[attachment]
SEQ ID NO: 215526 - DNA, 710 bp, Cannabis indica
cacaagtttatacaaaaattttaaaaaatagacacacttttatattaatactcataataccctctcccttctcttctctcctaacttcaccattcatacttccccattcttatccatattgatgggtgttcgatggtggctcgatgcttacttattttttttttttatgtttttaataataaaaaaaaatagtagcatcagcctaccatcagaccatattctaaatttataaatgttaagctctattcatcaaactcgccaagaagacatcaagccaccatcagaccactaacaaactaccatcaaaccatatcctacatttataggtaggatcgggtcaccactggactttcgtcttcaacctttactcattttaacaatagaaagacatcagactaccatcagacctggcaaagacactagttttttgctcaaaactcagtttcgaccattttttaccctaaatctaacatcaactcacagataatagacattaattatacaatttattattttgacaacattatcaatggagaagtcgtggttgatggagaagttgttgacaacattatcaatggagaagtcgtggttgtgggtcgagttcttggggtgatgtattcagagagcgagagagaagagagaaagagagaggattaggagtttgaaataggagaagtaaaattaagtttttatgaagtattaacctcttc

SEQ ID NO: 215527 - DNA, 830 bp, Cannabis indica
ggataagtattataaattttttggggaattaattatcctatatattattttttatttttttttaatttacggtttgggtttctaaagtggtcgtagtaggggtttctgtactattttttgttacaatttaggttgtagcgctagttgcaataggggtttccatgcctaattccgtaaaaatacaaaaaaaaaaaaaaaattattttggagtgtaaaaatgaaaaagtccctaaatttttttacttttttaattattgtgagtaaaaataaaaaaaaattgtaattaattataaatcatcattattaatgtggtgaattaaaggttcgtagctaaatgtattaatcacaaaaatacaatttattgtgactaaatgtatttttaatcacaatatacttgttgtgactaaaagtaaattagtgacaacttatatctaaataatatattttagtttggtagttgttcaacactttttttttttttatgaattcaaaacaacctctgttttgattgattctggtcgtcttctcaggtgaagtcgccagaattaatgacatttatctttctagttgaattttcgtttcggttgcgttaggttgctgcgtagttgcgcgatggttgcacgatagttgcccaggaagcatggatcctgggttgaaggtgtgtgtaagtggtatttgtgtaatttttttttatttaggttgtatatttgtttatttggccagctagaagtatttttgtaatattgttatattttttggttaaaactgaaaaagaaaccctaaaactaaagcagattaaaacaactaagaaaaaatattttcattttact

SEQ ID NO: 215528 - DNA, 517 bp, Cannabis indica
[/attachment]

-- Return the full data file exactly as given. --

SEQ ID NO: 215526 - DNA, 710 bp, Cannabis indica
cacaagtttatacaaaaattttaaaaaatagacacacttttatattaatactcataataccctctcccttctcttctctcctaacttcaccattcatacttccccattcttatccatattgatgggtgttcgatggtggctcgatgcttacttattttttttttttatgtttttaataataaaaaaaaatagtagcatcagcctaccatcagaccatattctaaatttataaatgttaagctctattcatcaaactcgccaagaagacatcaagccaccatcagaccactaacaaactaccatcaaaccatatcctacatttataggtaggatcgggtcaccactggactttcgtcttcaacctttactcattttaacaatagaaagacatcagactaccatcagacctggcaaagacactagttttttgctcaaaactcagtttcgaccattttttaccctaaatctaacatcaactcacagataatagacattaattatacaatttattattttgacaacattatcaatggagaagtcgtggttgatggagaagttgttgacaacattatcaatggagaagtcgtggttgtgggtcgagttcttggggtgatgtattcagagagcgagagagaagagagaaagagagaggattaggagtttgaaataggagaagtaaaattaagtttttatgaagtattaacctcttc

SEQ ID NO: 215527 - DNA, 830 bp, Cannabis indica
ggataagtattataaattttttggggaattaattatcctatatattattttttatttttttttaatttacggtttgggtttctaaagtggtcgtagtaggggtttctgtactattttttgttacaatttaggttgtagcgctagttgcaataggggtttccatgcctaattccgtaaaaatacaaaaaaaaaaaaaaaattattttggagtgtaaaaatgaaaaagtccctaaatttttttacttttttaattattgtgagtaaaaataaaaaaaaattgtaattaattataaatcatcattattaatgtggtgaattaaaggttcgtagctaaatgtattaatcacaaaaatacaatttattgtgactaaatgtatttttaatcacaatatacttgttgtgactaaaagtaaattagtgacaacttatatctaaataatatattttagtttggtagttgttcaacactttttttttttttatgaattcaaaacaacctctgttttgattgattctggtcgtcttctcaggtgaagtcgccagaattaatgacatttatctttctagttgaattttcgtttcggttgcgttaggttgctgcgtagttgcgcgatggttgcacgatagttgcccaggaagcatggatcctgggttgaaggtgtgtgtaagtggtatttgtgtaatttttttttatttaggttgtatatttgtttatttggccagctagaagtatttttgtaatattgttatattttttggttaaaactgaaaaagaaaccctaaaactaaagcagattaaaacaactaagaaaaaatattttcattttact

SEQ ID NO: 215528 - DNA, 517 bp, Cannabis indica